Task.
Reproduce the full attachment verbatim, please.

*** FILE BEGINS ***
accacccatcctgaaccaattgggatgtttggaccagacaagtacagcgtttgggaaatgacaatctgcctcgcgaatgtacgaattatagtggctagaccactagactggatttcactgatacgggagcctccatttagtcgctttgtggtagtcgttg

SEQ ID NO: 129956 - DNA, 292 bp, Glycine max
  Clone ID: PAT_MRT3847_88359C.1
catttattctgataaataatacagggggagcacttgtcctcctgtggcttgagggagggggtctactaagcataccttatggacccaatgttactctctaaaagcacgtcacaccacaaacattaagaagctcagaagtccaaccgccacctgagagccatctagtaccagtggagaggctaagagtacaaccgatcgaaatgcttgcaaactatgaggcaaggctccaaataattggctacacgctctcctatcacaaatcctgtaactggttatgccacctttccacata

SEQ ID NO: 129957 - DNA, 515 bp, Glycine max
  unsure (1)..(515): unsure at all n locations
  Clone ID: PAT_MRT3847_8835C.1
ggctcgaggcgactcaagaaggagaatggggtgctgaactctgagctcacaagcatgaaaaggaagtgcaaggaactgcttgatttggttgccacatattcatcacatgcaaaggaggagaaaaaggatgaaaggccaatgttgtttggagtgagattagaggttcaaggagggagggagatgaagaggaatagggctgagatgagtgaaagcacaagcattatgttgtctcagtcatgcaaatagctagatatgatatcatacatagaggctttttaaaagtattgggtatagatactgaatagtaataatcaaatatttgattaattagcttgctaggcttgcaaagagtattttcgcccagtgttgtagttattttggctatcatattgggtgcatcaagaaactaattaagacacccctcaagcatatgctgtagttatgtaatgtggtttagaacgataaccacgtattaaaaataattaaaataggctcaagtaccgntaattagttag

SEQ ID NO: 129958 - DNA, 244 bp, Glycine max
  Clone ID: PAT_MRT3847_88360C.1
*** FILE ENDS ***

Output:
accacccatcctgaaccaattgggatgtttggaccagacaagtacagcgtttgggaaatgacaatctgcctcgcgaatgtacgaattatagtggctagaccactagactggatttcactgatacgggagcctccatttagtcgctttgtggtagtcgttg

SEQ ID NO: 129956 - DNA, 292 bp, Glycine max
  Clone ID: PAT_MRT3847_88359C.1
catttattctgataaataatacagggggagcacttgtcctcctgtggcttgagggagggggtctactaagcataccttatggacccaatgttactctctaaaagcacgtcacaccacaaacattaagaagctcagaagtccaaccgccacctgagagccatctagtaccagtggagaggctaagagtacaaccgatcgaaatgcttgcaaactatgaggcaaggctccaaataattggctacacgctctcctatcacaaatcctgtaactggttatgccacctttccacata

SEQ ID NO: 129957 - DNA, 515 bp, Glycine max
  unsure (1)..(515): unsure at all n locations
  Clone ID: PAT_MRT3847_8835C.1
ggctcgaggcgactcaagaaggagaatggggtgctgaactctgagctcacaagcatgaaaaggaagtgcaaggaactgcttgatttggttgccacatattcatcacatgcaaaggaggagaaaaaggatgaaaggccaatgttgtttggagtgagattagaggttcaaggagggagggagatgaagaggaatagggctgagatgagtgaaagcacaagcattatgttgtctcagtcatgcaaatagctagatatgatatcatacatagaggctttttaaaagtattgggtatagatactgaatagtaataatcaaatatttgattaattagcttgctaggcttgcaaagagtattttcgcccagtgttgtagttattttggctatcatattgggtgcatcaagaaactaattaagacacccctcaagcatatgctgtagttatgtaatgtggtttagaacgataaccacgtattaaaaataattaaaataggctcaagtaccgntaattagttag

SEQ ID NO: 129958 - DNA, 244 bp, Glycine max
  Clone ID: PAT_MRT3847_88360C.1